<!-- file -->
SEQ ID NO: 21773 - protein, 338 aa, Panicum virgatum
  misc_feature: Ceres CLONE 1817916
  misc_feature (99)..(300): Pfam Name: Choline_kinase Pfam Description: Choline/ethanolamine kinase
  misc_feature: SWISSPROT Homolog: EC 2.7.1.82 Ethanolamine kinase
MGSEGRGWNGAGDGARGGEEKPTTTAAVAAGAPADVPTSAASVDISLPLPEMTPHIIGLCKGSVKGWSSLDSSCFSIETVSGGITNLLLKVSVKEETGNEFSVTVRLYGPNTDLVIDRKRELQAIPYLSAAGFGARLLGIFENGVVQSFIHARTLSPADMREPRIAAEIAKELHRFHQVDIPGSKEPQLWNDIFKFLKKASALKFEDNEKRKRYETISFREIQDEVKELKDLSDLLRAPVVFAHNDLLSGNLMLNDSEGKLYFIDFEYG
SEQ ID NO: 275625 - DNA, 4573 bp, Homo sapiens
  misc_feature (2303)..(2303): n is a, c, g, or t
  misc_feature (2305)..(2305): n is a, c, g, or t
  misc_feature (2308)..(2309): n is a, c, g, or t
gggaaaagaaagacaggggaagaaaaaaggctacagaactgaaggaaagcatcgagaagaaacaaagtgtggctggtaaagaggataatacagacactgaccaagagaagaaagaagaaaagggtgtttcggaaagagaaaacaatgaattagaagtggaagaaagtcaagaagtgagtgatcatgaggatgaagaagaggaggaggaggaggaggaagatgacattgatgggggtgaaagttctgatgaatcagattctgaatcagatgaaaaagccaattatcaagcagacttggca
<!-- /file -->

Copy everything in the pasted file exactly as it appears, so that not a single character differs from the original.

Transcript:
SEQ ID NO: 21773 - protein, 338 aa, Panicum virgatum
  misc_feature: Ceres CLONE 1817916
  misc_feature (99)..(300): Pfam Name: Choline_kinase Pfam Description: Choline/ethanolamine kinase
  misc_feature: SWISSPROT Homolog: EC 2.7.1.82 Ethanolamine kinase
MGSEGRGWNGAGDGARGGEEKPTTTAAVAAGAPADVPTSAASVDISLPLPEMTPHIIGLCKGSVKGWSSLDSSCFSIETVSGGITNLLLKVSVKEETGNEFSVTVRLYGPNTDLVIDRKRELQAIPYLSAAGFGARLLGIFENGVVQSFIHARTLSPADMREPRIAAEIAKELHRFHQVDIPGSKEPQLWNDIFKFLKKASALKFEDNEKRKRYETISFREIQDEVKELKDLSDLLRAPVVFAHNDLLSGNLMLNDSEGKLYFIDFEYG
SEQ ID NO: 275625 - DNA, 4573 bp, Homo sapiens
  misc_feature (2303)..(2303): n is a, c, g, or t
  misc_feature (2305)..(2305): n is a, c, g, or t
  misc_feature (2308)..(2309): n is a, c, g, or t
gggaaaagaaagacaggggaagaaaaaaggctacagaactgaaggaaagcatcgagaagaaacaaagtgtggctggtaaagaggataatacagacactgaccaagagaagaaagaagaaaagggtgtttcggaaagagaaaacaatgaattagaagtggaagaaagtcaagaagtgagtgatcatgaggatgaagaagaggaggaggaggaggaggaagatgacattgatgggggtgaaagttctgatgaatcagattctgaatcagatgaaaaagccaattatcaagcagacttggca